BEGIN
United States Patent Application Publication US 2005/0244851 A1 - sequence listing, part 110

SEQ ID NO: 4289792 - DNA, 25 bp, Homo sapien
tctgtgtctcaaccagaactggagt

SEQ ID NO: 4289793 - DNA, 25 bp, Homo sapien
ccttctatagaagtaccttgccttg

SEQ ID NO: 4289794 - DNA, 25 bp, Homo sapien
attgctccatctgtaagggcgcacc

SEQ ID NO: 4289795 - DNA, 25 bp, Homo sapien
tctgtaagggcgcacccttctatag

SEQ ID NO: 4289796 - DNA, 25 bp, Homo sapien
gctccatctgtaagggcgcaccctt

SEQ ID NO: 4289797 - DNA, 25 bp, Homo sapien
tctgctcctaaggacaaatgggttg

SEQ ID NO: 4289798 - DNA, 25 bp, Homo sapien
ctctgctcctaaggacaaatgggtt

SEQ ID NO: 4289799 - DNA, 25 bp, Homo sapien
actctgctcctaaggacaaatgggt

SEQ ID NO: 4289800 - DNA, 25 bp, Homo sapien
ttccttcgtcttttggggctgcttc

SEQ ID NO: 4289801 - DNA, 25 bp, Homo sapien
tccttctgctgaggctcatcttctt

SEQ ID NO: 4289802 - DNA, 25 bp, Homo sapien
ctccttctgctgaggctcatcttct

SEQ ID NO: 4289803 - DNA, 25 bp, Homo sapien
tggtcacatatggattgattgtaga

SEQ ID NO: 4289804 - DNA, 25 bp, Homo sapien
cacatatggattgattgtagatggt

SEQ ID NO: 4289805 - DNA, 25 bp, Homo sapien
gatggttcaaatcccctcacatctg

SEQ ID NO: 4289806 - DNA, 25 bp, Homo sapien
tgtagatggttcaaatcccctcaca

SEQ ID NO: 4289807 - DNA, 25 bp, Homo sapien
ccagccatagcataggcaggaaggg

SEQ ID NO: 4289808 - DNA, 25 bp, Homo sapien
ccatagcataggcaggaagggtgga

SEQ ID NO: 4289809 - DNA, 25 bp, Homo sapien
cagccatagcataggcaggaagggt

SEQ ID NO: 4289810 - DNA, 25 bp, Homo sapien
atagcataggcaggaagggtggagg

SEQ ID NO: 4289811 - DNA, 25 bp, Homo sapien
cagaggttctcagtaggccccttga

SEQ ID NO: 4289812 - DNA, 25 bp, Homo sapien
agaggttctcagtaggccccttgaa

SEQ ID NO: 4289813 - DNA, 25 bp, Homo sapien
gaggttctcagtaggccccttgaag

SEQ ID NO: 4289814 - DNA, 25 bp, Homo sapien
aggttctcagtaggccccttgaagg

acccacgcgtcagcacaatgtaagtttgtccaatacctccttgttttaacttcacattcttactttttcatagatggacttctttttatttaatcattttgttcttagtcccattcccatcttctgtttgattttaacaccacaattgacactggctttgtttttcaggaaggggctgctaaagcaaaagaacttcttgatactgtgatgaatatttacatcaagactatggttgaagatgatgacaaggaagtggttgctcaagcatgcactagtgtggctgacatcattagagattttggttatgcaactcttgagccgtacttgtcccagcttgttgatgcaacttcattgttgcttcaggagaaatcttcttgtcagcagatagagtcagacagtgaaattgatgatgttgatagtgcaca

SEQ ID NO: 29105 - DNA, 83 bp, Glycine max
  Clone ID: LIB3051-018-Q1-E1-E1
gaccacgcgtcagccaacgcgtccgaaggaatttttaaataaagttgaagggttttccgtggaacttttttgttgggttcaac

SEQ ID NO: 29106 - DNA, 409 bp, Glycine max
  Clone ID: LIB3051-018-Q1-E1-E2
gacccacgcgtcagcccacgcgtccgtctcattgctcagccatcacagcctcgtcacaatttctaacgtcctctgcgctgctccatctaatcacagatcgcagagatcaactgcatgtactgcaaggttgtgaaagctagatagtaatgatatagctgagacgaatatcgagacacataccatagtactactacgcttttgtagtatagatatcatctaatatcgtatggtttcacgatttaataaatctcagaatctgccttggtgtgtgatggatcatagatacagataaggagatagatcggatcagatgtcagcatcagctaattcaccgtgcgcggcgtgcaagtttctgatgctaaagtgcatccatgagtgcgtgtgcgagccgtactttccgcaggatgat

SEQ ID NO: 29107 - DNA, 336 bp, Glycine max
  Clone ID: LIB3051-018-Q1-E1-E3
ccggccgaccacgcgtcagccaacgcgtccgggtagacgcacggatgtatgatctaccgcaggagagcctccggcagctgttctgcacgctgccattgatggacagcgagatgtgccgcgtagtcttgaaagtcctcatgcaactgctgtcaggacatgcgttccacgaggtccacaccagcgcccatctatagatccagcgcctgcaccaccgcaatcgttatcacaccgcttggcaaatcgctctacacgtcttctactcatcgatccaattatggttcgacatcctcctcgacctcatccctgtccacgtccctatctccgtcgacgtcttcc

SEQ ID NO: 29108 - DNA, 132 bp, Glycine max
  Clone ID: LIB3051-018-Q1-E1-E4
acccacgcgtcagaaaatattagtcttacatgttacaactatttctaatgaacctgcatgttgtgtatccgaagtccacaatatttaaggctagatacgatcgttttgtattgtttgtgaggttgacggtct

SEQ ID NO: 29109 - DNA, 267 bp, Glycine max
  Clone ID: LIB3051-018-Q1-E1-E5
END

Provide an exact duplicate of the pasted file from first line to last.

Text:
United States Patent Application Publication US 2005/0244851 A1 - sequence listing, part 110

SEQ ID NO: 4289792 - DNA, 25 bp, Homo sapien
tctgtgtctcaaccagaactggagt

SEQ ID NO: 4289793 - DNA, 25 bp, Homo sapien
ccttctatagaagtaccttgccttg

SEQ ID NO: 4289794 - DNA, 25 bp, Homo sapien
attgctccatctgtaagggcgcacc

SEQ ID NO: 4289795 - DNA, 25 bp, Homo sapien
tctgtaagggcgcacccttctatag

SEQ ID NO: 4289796 - DNA, 25 bp, Homo sapien
gctccatctgtaagggcgcaccctt

SEQ ID NO: 4289797 - DNA, 25 bp, Homo sapien
tctgctcctaaggacaaatgggttg

SEQ ID NO: 4289798 - DNA, 25 bp, Homo sapien
ctctgctcctaaggacaaatgggtt

SEQ ID NO: 4289799 - DNA, 25 bp, Homo sapien
actctgctcctaaggacaaatgggt

SEQ ID NO: 4289800 - DNA, 25 bp, Homo sapien
ttccttcgtcttttggggctgcttc

SEQ ID NO: 4289801 - DNA, 25 bp, Homo sapien
tccttctgctgaggctcatcttctt

SEQ ID NO: 4289802 - DNA, 25 bp, Homo sapien
ctccttctgctgaggctcatcttct

SEQ ID NO: 4289803 - DNA, 25 bp, Homo sapien
tggtcacatatggattgattgtaga

SEQ ID NO: 4289804 - DNA, 25 bp, Homo sapien
cacatatggattgattgtagatggt

SEQ ID NO: 4289805 - DNA, 25 bp, Homo sapien
gatggttcaaatcccctcacatctg

SEQ ID NO: 4289806 - DNA, 25 bp, Homo sapien
tgtagatggttcaaatcccctcaca

SEQ ID NO: 4289807 - DNA, 25 bp, Homo sapien
ccagccatagcataggcaggaaggg

SEQ ID NO: 4289808 - DNA, 25 bp, Homo sapien
ccatagcataggcaggaagggtgga

SEQ ID NO: 4289809 - DNA, 25 bp, Homo sapien
cagccatagcataggcaggaagggt

SEQ ID NO: 4289810 - DNA, 25 bp, Homo sapien
atagcataggcaggaagggtggagg

SEQ ID NO: 4289811 - DNA, 25 bp, Homo sapien
cagaggttctcagtaggccccttga

SEQ ID NO: 4289812 - DNA, 25 bp, Homo sapien
agaggttctcagtaggccccttgaa

SEQ ID NO: 4289813 - DNA, 25 bp, Homo sapien
gaggttctcagtaggccccttgaag

SEQ ID NO: 4289814 - DNA, 25 bp, Homo sapien
aggttctcagtaggccccttgaagg

acccacgcgtcagcacaatgtaagtttgtccaatacctccttgttttaacttcacattcttactttttcatagatggacttctttttatttaatcattttgttcttagtcccattcccatcttctgtttgattttaacaccacaattgacactggctttgtttttcaggaaggggctgctaaagcaaaagaacttcttgatactgtgatgaatatttacatcaagactatggttgaagatgatgacaaggaagtggttgctcaagcatgcactagtgtggctgacatcattagagattttggttatgcaactcttgagccgtacttgtcccagcttgttgatgcaacttcattgttgcttcaggagaaatcttcttgtcagcagatagagtcagacagtgaaattgatgatgttgatagtgcaca

SEQ ID NO: 29105 - DNA, 83 bp, Glycine max
  Clone ID: LIB3051-018-Q1-E1-E1
gaccacgcgtcagccaacgcgtccgaaggaatttttaaataaagttgaagggttttccgtggaacttttttgttgggttcaac

SEQ ID NO: 29106 - DNA, 409 bp, Glycine max
  Clone ID: LIB3051-018-Q1-E1-E2
gacccacgcgtcagcccacgcgtccgtctcattgctcagccatcacagcctcgtcacaatttctaacgtcctctgcgctgctccatctaatcacagatcgcagagatcaactgcatgtactgcaaggttgtgaaagctagatagtaatgatatagctgagacgaatatcgagacacataccatagtactactacgcttttgtagtatagatatcatctaatatcgtatggtttcacgatttaataaatctcagaatctgccttggtgtgtgatggatcatagatacagataaggagatagatcggatcagatgtcagcatcagctaattcaccgtgcgcggcgtgcaagtttctgatgctaaagtgcatccatgagtgcgtgtgcgagccgtactttccgcaggatgat

SEQ ID NO: 29107 - DNA, 336 bp, Glycine max
  Clone ID: LIB3051-018-Q1-E1-E3
ccggccgaccacgcgtcagccaacgcgtccgggtagacgcacggatgtatgatctaccgcaggagagcctccggcagctgttctgcacgctgccattgatggacagcgagatgtgccgcgtagtcttgaaagtcctcatgcaactgctgtcaggacatgcgttccacgaggtccacaccagcgcccatctatagatccagcgcctgcaccaccgcaatcgttatcacaccgcttggcaaatcgctctacacgtcttctactcatcgatccaattatggttcgacatcctcctcgacctcatccctgtccacgtccctatctccgtcgacgtcttcc

SEQ ID NO: 29108 - DNA, 132 bp, Glycine max
  Clone ID: LIB3051-018-Q1-E1-E4
acccacgcgtcagaaaatattagtcttacatgttacaactatttctaatgaacctgcatgttgtgtatccgaagtccacaatatttaaggctagatacgatcgttttgtattgtttgtgaggttgacggtct

SEQ ID NO: 29109 - DNA, 267 bp, Glycine max
  Clone ID: LIB3051-018-Q1-E1-E5